Can Honda's hybrid coupe deliver a sporty drive?

What is it?

The CR-Z is an unlikely hero for Honda, the car that could restore at least a little of its sporting image after its withdrawal from F1 and the axing of both the NSX supercar project and the S2000.

The CR-Z is a sports hybrid coupe, the first car with this type of powertrain to get a six-speed manual gearbox. Its styling has strategic cues from the CR-X of the early 1980s, but it also looks modern. In fact, what's appealing about this coupe is that it looks like nothing else on the road; it's instantly recognisable as the CR-Z.

Sitting on a slightly shorter but wider Insight platform, the CR-Z uses a wheelbase that’s shrunk by 115mm, while it has also lost 30mm in height and is 44kg lighter.

The CR-Z does not just employ a revised version of the Insight’s platform, its Integrated Motor Assist (IMA) system and a modified Insight rear suspension set-up. Wanting to enhance performance, engineers replaced the Insight’s 1.3-litre petrol engine with the 1.5-litre i-VTEC motor from the Jazz, then mated that to a revised six-speed manual transmission lifted out of the European-spec 1.8-litre Civic.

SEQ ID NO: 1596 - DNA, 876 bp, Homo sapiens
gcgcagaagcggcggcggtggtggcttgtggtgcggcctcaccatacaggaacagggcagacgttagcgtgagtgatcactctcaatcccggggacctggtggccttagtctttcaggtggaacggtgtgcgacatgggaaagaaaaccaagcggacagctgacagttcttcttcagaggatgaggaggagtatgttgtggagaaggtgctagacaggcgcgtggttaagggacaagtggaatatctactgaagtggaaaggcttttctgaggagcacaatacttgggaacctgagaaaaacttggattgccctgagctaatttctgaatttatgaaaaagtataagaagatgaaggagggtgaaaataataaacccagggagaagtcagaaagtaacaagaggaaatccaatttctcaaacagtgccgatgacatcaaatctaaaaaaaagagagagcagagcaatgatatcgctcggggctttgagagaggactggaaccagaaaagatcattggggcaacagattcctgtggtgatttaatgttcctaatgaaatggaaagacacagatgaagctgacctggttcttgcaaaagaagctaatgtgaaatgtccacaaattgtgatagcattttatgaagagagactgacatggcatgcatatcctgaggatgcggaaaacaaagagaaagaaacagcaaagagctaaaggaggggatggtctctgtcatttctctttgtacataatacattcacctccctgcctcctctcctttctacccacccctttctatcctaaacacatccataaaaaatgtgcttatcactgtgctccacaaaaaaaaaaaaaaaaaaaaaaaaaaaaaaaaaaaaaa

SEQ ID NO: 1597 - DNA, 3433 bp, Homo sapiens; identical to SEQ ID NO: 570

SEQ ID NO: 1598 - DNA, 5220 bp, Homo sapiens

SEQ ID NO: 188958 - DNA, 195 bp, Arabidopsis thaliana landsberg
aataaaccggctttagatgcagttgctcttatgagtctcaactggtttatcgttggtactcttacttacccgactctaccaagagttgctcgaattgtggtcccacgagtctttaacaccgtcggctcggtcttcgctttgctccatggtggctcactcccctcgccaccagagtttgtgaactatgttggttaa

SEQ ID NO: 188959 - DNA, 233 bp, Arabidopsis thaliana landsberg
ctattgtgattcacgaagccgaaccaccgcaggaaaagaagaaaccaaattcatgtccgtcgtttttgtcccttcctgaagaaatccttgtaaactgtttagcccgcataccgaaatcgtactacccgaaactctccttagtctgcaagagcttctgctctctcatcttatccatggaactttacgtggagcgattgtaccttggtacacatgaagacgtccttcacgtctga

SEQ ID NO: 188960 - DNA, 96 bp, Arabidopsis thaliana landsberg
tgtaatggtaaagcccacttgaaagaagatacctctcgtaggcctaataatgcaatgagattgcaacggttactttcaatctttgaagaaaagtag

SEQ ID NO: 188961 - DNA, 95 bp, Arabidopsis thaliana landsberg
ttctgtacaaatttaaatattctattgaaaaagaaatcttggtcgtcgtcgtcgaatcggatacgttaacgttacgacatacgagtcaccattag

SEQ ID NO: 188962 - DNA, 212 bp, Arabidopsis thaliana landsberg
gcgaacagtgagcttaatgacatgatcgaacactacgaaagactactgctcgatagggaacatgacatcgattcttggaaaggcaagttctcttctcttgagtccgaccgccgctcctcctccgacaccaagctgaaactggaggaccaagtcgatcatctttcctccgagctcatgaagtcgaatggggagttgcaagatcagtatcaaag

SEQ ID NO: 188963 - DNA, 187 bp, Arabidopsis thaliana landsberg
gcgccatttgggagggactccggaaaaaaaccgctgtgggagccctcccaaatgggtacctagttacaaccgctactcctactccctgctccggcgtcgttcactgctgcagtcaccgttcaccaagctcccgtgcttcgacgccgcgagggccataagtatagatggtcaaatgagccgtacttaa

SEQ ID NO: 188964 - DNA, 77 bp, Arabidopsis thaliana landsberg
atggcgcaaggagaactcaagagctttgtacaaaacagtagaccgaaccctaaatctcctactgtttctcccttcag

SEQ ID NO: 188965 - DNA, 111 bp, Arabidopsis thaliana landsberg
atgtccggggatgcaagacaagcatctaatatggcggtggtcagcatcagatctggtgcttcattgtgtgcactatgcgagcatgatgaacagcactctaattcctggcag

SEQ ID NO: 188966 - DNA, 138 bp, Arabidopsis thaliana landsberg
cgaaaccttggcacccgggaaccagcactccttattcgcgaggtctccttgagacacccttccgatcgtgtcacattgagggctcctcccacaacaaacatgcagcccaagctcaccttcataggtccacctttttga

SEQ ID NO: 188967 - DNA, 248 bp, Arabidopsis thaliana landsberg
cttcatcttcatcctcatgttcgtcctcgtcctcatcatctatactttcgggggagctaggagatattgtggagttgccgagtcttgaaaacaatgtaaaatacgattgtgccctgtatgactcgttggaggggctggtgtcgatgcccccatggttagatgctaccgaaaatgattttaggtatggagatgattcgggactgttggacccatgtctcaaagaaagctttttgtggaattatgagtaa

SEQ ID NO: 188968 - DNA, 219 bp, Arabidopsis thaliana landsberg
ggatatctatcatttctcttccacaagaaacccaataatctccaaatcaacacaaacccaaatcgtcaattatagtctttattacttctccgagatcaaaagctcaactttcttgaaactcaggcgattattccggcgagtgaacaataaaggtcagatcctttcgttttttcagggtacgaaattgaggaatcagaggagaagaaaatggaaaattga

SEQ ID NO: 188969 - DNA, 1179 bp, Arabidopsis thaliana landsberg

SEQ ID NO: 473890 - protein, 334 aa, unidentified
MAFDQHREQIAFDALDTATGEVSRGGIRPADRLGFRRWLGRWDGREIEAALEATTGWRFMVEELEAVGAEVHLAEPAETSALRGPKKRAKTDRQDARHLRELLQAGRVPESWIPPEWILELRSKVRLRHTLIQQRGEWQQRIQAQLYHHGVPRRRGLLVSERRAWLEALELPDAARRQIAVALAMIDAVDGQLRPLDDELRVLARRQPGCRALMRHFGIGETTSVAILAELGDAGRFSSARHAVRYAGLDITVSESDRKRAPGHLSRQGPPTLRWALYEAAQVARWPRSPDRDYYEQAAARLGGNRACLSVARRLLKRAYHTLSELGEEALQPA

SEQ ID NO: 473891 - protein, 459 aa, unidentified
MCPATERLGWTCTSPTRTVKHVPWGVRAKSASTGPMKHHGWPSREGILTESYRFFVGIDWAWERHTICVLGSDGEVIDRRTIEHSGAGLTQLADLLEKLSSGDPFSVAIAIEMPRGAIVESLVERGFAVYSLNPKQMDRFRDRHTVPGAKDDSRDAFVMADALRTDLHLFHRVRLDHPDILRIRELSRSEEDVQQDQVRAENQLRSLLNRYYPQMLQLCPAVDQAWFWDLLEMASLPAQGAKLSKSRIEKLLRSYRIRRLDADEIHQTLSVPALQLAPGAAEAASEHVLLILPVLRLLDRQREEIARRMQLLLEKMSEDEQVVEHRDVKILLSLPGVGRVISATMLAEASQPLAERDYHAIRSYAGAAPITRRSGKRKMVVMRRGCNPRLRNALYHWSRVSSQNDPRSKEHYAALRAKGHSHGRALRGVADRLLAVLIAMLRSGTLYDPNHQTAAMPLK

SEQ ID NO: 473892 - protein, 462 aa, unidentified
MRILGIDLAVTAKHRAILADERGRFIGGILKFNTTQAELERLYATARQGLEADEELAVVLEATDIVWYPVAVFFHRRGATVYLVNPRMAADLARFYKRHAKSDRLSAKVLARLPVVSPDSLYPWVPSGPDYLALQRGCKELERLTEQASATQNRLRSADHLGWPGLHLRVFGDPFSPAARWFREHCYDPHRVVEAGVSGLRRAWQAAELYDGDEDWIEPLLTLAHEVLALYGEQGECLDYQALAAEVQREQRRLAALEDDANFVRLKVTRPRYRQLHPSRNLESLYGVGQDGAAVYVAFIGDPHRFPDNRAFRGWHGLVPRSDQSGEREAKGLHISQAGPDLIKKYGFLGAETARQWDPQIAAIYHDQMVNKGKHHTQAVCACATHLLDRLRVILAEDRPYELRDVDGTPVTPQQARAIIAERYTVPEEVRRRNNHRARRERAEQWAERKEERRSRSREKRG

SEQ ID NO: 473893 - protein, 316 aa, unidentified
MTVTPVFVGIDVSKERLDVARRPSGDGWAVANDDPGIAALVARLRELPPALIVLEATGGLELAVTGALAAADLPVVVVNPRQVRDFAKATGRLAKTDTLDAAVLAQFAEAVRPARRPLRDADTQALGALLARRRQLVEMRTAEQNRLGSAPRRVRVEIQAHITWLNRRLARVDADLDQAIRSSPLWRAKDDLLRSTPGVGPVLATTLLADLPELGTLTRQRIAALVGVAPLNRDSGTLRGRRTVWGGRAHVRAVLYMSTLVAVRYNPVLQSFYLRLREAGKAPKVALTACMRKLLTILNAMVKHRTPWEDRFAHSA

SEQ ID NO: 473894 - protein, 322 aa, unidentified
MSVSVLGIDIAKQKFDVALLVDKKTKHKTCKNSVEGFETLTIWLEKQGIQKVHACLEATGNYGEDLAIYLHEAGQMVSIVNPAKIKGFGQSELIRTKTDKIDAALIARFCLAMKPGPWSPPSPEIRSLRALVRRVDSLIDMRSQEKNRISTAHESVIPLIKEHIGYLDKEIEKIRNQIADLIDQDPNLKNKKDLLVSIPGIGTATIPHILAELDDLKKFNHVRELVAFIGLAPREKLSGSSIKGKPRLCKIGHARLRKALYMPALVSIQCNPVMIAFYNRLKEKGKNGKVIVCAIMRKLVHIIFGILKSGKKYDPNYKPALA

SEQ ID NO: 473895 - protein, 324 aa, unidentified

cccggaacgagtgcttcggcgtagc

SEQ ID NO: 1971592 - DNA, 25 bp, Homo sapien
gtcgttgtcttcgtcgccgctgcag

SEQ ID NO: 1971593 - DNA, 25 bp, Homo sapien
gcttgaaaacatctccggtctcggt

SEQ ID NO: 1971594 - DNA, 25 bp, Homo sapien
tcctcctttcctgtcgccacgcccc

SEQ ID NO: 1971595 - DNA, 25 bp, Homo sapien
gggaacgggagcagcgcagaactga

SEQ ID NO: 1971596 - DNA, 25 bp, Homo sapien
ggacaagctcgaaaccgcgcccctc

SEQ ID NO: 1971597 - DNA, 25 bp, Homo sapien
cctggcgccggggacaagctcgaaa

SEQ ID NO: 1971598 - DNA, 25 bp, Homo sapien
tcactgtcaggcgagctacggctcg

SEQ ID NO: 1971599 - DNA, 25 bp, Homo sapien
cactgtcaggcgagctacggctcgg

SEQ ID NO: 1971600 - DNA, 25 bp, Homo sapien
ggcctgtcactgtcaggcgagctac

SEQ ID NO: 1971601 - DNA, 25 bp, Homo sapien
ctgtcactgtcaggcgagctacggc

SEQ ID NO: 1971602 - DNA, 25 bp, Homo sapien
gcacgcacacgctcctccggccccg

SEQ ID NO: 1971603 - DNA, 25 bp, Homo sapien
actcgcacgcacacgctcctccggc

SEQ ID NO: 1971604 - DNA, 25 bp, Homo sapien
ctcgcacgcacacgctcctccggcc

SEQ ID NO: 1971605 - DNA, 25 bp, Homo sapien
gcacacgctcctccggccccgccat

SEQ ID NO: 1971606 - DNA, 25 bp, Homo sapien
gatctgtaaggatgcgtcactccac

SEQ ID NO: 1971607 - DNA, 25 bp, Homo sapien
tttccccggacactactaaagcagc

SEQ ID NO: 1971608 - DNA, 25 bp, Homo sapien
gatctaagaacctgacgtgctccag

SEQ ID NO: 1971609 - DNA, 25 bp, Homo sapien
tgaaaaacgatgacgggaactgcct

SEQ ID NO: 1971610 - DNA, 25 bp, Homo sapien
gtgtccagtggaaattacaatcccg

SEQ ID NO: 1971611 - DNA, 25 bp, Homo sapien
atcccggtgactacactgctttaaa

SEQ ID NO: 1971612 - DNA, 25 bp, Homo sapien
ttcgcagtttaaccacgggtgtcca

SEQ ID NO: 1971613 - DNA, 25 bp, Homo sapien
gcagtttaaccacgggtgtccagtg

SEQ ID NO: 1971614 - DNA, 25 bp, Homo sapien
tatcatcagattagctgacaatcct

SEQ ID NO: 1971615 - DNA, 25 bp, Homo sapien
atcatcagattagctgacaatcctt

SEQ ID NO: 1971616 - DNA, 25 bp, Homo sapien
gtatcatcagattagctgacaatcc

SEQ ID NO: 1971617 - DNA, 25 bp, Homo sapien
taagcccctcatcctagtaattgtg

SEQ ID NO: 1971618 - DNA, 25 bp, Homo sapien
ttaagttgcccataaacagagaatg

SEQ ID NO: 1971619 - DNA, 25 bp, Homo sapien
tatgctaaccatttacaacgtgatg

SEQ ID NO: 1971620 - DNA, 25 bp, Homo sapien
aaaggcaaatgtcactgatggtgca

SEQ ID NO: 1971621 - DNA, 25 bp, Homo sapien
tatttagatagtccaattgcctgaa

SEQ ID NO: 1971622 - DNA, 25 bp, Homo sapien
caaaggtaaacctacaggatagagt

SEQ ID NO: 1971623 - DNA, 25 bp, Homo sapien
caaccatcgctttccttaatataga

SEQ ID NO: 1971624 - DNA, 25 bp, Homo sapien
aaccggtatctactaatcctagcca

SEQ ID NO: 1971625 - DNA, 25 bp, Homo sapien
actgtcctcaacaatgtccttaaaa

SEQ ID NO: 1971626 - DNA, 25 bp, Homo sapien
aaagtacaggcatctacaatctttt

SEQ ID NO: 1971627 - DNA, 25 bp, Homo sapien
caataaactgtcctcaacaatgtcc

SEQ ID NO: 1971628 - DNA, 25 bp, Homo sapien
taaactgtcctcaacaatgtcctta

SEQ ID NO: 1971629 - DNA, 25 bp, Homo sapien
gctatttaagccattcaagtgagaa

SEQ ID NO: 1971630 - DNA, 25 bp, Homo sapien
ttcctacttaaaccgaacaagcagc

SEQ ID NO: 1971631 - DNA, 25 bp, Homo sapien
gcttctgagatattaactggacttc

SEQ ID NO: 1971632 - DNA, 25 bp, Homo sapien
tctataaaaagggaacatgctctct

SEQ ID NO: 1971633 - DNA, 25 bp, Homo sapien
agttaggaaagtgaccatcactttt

The combined power output of the CR-Z’s hybrid system is 122bhp at 6000rpm, while combined torque is 128lb ft at 1500rpm. Our Japan-spec car offered a combined 58mpg. Oh, and by the way, the CR-Z still employs nickel metal hydride batteries.

What's it like?

Slip into the driver’s seat and you'll sense how much lower you sit in the CR-Z than in an Insight. There’s plenty of headroom for driver’s up to 194cm, but forget the rear seats, which would struggle to hold a 12-year old. Interior trim and quality are superior to the Insight's, and the instrumentation boasts more design flair. Flatten the rear seats and you create 401 litres of luggage space, enough for a couple of suitcases or two golfbags.

The IMA system offers three driving modes: sport, which uses the electric motor to aid acceleration, and normal and econ, which retard throttle response to reduce fuel consumption and lower emissions.